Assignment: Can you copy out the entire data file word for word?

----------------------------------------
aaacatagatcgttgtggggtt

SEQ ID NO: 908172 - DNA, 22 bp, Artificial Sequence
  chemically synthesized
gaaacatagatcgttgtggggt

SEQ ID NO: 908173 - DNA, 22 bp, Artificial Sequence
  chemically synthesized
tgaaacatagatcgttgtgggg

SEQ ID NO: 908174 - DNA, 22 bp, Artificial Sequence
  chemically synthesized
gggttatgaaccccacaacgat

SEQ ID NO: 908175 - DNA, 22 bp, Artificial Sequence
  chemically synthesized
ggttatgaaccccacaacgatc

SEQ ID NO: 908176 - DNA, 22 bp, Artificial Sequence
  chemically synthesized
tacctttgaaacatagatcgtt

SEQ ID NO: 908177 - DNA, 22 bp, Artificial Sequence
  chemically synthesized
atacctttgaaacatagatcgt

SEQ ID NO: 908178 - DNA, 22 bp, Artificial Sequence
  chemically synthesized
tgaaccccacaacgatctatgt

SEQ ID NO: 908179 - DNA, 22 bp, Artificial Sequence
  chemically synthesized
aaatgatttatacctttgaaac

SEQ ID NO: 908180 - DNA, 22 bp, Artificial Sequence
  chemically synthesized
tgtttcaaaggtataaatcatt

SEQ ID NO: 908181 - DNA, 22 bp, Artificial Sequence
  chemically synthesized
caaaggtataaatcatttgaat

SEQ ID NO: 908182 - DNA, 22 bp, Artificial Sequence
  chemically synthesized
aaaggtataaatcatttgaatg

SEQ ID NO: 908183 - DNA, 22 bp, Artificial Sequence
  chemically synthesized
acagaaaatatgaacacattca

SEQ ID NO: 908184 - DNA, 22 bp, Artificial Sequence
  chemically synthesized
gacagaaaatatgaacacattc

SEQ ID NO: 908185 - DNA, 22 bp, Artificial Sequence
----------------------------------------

aaacatagatcgttgtggggtt

SEQ ID NO: 908172 - DNA, 22 bp, Artificial Sequence
  chemically synthesized
gaaacatagatcgttgtggggt

SEQ ID NO: 908173 - DNA, 22 bp, Artificial Sequence
  chemically synthesized
tgaaacatagatcgttgtgggg

SEQ ID NO: 908174 - DNA, 22 bp, Artificial Sequence
  chemically synthesized
gggttatgaaccccacaacgat

SEQ ID NO: 908175 - DNA, 22 bp, Artificial Sequence
  chemically synthesized
ggttatgaaccccacaacgatc

SEQ ID NO: 908176 - DNA, 22 bp, Artificial Sequence
  chemically synthesized
tacctttgaaacatagatcgtt

SEQ ID NO: 908177 - DNA, 22 bp, Artificial Sequence
  chemically synthesized
atacctttgaaacatagatcgt

SEQ ID NO: 908178 - DNA, 22 bp, Artificial Sequence
  chemically synthesized
tgaaccccacaacgatctatgt

SEQ ID NO: 908179 - DNA, 22 bp, Artificial Sequence
  chemically synthesized
aaatgatttatacctttgaaac

SEQ ID NO: 908180 - DNA, 22 bp, Artificial Sequence
  chemically synthesized
tgtttcaaaggtataaatcatt

SEQ ID NO: 908181 - DNA, 22 bp, Artificial Sequence
  chemically synthesized
caaaggtataaatcatttgaat

SEQ ID NO: 908182 - DNA, 22 bp, Artificial Sequence
  chemically synthesized
aaaggtataaatcatttgaatg

SEQ ID NO: 908183 - DNA, 22 bp, Artificial Sequence
  chemically synthesized
acagaaaatatgaacacattca

SEQ ID NO: 908184 - DNA, 22 bp, Artificial Sequence
  chemically synthesized
gacagaaaatatgaacacattc

SEQ ID NO: 908185 - DNA, 22 bp, Artificial Sequence